The paths Rhonda Sweetser and Gina Zabel took to becoming principals were similar, but both came to the realization they wanted to be administrators at different times and for different reasons.
On Wednesday, the Hayden School Board unanimously approved the hiring of Sweetser as the principal at Hayden Valley Elementary School. They also unanimously approved the hiring of Zabel as principal at Hayden Middle School.
There was no discussion, and the women were the only candidates to interview for the positions.
Both women held an advantage over anyone on the outside; they were internal applicants with essentially three years of experience at their respective schools.
In 2004, Sweetser was hired as a teacher/leader for the elementary school when elementary Principal Mike Luppes assumed superintendent duties for the district. Sweetser did not have a principal's license, so Luppes technically remained principal but Sweetser spent the next three years learning how to be a principal.
She will have her principal license in May from Western State College.
Zabel was hired as dean of students at the middle school in 2004, so she, too, has spent the past three years learning how to be a principal.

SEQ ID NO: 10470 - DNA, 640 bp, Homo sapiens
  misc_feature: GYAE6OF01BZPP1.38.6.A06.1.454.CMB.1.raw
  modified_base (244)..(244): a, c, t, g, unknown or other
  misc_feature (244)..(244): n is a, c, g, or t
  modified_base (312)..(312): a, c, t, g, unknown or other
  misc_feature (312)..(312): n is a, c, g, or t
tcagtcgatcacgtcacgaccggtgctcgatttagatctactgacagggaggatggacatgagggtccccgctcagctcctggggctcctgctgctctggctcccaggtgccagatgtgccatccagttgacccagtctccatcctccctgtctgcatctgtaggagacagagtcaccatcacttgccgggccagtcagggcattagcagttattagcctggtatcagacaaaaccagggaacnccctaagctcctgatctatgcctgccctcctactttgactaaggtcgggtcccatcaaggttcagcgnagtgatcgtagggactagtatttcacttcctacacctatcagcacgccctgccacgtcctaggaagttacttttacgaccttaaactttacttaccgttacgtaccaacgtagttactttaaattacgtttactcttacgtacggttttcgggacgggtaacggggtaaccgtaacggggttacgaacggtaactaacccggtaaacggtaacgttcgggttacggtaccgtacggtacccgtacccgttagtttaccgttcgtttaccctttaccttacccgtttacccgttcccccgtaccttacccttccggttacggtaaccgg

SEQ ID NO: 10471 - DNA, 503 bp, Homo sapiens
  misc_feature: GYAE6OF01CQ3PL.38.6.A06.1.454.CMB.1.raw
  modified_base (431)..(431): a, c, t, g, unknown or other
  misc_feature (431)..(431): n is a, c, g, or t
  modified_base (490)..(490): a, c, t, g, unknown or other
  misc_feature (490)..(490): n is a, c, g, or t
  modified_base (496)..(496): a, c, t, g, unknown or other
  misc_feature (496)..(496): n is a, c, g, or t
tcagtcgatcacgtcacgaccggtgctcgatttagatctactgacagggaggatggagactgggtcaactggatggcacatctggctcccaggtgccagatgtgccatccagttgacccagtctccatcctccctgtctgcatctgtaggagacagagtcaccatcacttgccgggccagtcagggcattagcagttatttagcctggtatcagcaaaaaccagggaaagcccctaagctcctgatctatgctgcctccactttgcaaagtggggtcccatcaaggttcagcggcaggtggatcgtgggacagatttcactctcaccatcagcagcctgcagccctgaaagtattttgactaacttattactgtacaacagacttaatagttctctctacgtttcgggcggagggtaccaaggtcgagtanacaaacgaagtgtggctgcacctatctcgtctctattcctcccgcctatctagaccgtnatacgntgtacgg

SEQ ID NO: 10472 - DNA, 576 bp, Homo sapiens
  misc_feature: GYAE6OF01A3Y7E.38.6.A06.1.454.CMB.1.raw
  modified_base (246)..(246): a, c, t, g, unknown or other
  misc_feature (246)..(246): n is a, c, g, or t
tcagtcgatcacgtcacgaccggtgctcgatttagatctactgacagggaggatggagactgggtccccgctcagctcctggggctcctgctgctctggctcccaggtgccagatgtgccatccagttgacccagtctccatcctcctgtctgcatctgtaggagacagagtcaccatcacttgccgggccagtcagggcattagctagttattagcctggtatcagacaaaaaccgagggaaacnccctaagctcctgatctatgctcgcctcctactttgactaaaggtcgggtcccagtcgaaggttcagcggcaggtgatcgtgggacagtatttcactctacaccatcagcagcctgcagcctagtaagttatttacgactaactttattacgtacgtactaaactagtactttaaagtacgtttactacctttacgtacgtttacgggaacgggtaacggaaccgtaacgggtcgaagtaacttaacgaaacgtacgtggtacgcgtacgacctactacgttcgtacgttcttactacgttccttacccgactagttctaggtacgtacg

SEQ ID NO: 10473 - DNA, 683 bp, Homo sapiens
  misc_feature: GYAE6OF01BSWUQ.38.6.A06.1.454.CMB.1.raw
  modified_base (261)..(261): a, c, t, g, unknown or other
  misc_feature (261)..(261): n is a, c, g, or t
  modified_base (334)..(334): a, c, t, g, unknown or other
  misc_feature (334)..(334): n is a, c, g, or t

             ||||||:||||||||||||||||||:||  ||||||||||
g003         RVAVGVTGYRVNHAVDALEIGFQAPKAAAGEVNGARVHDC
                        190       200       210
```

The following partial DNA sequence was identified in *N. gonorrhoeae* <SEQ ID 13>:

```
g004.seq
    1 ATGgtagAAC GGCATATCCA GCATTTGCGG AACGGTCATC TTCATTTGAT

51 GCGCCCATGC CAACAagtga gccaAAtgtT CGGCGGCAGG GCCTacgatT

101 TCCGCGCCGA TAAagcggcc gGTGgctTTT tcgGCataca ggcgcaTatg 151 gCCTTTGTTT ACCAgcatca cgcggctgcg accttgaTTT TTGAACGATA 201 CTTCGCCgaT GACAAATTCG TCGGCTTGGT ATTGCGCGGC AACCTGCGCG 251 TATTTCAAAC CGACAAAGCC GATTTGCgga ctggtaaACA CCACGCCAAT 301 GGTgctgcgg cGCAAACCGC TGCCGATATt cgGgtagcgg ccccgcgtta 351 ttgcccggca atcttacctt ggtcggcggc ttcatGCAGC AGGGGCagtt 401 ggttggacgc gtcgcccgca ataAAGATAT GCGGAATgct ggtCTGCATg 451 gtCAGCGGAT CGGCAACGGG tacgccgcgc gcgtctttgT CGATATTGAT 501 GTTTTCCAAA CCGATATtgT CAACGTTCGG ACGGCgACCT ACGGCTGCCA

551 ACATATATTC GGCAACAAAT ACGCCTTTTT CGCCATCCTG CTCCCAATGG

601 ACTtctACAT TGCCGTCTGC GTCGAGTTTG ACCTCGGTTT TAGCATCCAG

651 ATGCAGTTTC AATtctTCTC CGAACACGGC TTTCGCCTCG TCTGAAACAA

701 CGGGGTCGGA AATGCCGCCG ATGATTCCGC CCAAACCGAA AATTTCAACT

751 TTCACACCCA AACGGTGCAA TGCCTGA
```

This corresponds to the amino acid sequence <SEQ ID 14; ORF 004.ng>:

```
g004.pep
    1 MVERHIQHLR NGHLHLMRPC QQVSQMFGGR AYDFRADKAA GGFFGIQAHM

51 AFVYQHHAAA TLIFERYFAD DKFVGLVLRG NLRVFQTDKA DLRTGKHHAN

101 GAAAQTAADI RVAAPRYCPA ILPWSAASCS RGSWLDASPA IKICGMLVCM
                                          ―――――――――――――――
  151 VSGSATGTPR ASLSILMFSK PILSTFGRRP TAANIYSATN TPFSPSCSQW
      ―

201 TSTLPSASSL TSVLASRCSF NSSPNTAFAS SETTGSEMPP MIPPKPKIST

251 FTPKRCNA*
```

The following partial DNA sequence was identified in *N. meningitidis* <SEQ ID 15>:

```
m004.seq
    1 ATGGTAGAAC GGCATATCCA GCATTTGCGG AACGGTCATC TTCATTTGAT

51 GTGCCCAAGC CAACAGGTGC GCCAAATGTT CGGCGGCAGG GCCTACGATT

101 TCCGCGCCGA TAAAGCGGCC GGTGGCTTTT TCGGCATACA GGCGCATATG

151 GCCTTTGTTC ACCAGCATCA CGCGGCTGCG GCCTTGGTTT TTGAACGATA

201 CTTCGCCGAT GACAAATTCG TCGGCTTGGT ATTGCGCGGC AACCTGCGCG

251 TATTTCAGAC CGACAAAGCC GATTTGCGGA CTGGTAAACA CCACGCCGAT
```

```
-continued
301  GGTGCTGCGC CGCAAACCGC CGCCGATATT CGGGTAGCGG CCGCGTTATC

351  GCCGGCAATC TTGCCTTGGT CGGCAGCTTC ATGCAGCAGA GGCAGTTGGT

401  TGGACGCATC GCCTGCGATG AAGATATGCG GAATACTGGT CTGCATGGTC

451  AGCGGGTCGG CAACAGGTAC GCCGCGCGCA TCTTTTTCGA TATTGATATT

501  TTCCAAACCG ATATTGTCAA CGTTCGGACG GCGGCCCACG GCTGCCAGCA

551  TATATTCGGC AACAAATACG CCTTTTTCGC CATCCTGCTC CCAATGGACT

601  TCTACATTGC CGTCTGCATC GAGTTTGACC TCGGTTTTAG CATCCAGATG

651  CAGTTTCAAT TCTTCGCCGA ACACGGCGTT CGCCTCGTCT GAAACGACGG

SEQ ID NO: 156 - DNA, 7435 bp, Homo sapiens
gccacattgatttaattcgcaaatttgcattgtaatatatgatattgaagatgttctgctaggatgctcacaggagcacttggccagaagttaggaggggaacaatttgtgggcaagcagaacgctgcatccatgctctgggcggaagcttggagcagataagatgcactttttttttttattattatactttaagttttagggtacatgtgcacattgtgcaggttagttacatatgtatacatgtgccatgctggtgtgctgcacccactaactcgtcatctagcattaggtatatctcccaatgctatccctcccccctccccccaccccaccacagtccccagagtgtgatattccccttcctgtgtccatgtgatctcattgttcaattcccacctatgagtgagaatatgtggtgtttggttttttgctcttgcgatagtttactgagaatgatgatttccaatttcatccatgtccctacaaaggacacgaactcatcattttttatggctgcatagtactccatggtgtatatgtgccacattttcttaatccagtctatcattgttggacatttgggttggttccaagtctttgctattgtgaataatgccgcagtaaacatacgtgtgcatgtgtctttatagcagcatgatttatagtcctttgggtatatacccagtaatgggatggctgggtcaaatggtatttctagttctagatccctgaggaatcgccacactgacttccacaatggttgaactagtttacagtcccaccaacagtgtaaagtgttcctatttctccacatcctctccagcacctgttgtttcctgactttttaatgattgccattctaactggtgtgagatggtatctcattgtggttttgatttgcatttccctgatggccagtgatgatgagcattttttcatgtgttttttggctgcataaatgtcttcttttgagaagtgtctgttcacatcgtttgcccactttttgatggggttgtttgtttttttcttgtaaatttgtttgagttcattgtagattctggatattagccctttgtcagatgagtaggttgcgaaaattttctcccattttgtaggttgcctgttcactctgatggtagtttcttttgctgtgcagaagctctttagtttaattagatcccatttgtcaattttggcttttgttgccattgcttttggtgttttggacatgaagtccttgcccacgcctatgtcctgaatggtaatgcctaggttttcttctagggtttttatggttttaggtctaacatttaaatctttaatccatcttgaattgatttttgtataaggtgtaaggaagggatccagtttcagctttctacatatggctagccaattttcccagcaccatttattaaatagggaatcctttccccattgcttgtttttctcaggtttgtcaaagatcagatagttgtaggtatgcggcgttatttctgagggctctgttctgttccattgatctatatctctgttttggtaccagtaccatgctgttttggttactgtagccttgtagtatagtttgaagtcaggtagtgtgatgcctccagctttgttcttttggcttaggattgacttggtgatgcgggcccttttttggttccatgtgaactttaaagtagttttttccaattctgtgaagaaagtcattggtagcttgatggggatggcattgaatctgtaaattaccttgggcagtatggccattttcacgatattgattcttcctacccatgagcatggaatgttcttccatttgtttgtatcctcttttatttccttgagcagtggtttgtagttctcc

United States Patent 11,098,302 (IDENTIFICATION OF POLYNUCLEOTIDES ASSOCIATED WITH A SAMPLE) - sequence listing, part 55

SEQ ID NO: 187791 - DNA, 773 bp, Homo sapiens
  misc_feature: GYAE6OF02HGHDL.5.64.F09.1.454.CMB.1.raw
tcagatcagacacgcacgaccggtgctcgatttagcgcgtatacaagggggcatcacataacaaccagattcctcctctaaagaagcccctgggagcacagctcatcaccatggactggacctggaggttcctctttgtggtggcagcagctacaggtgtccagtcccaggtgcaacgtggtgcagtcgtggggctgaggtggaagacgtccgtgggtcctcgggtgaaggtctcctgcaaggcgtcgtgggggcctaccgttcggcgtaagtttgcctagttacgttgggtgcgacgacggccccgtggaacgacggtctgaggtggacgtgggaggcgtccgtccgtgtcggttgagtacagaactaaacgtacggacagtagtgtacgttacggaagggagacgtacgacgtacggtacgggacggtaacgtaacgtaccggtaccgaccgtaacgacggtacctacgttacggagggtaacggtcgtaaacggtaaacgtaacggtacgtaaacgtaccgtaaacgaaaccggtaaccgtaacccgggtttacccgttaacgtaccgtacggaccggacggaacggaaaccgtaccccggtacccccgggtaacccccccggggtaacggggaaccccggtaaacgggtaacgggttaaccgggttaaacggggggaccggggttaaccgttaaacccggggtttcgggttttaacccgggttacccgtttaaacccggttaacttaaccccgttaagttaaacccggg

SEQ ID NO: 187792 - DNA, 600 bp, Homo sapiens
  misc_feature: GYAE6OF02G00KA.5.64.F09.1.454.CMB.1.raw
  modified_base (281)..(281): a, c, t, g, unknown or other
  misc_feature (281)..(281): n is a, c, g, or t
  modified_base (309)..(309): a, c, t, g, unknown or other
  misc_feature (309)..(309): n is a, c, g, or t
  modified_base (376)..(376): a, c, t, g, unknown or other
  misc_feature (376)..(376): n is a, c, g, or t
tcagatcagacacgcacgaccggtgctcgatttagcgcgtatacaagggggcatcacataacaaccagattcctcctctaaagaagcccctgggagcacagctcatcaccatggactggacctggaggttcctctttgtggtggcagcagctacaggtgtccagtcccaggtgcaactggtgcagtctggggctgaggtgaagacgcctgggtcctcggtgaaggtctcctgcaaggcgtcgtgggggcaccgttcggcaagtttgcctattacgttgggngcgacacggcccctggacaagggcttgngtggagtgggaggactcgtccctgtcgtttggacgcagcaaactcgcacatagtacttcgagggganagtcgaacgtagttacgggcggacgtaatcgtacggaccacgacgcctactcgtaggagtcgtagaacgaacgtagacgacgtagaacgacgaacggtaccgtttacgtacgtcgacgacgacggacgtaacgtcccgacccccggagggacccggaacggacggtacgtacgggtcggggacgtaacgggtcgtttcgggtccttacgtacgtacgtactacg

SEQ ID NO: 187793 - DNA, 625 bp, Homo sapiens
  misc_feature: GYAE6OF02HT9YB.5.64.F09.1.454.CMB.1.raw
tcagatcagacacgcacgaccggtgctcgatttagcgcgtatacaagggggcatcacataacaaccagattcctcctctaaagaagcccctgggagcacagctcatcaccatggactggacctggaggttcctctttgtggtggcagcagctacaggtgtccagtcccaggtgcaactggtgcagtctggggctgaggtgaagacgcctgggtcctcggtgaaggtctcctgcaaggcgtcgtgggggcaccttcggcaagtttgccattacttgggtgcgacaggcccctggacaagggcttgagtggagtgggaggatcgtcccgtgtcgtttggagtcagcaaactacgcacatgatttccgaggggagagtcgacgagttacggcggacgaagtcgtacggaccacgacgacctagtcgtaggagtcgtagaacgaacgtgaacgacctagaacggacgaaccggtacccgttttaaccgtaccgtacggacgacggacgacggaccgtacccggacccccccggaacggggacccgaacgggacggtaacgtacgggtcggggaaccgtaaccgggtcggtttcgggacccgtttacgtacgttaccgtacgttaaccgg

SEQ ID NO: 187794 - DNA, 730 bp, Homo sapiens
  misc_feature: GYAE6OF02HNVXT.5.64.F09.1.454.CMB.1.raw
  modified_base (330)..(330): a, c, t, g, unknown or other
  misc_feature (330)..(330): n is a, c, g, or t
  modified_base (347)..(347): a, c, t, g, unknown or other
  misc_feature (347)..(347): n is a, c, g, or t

Zabel will have her principal's license in May from Adams State College.
Troy Zabel, Gina Zabel's brother-in-law, will remain the principal at the middle and high schools through the end of the year. Next year, he will be the high school principal.
The hiring of Sweetser and Gina Zabel was more a technicality than anything because they had been serving as the building principals at their respective schools for three years.
"I think it's a natural transition," Gina Zabel said.
Zabel knew she wanted to be an administrator for years. In 2000, she left the classroom to do some literacy consulting work for the Northwest Colorado region. She returned to the classroom in 2003, but she has retained a love for being in an administrative role.
Despite being a principal, Zabel, who received an elementary education degree from the University of Northern Colorado and her master's from Adams State, will still teach literacy in small groups and do enrichment and intervention programs.
Sweetser, on the other hand, will give up her Title 1 position, which she said she will miss.
Sweetser graduated from Hayden High School in 1983 and received her elementary undergraduate degree from Western State and her master's from Grand Canyon University.
"It's an awesome staff," Sweetser said of the elementary school teachers and support personnel. "That makes a world of difference."
Luppes, who handed in his resignation letter to the board Wednesday, said he believes the future of the district is bright with Sweetser, Gina Zabel and Troy Zabel leading the way. All principals have one-year contracts in Hayden, and the salaries for the principals have not been set for next year.
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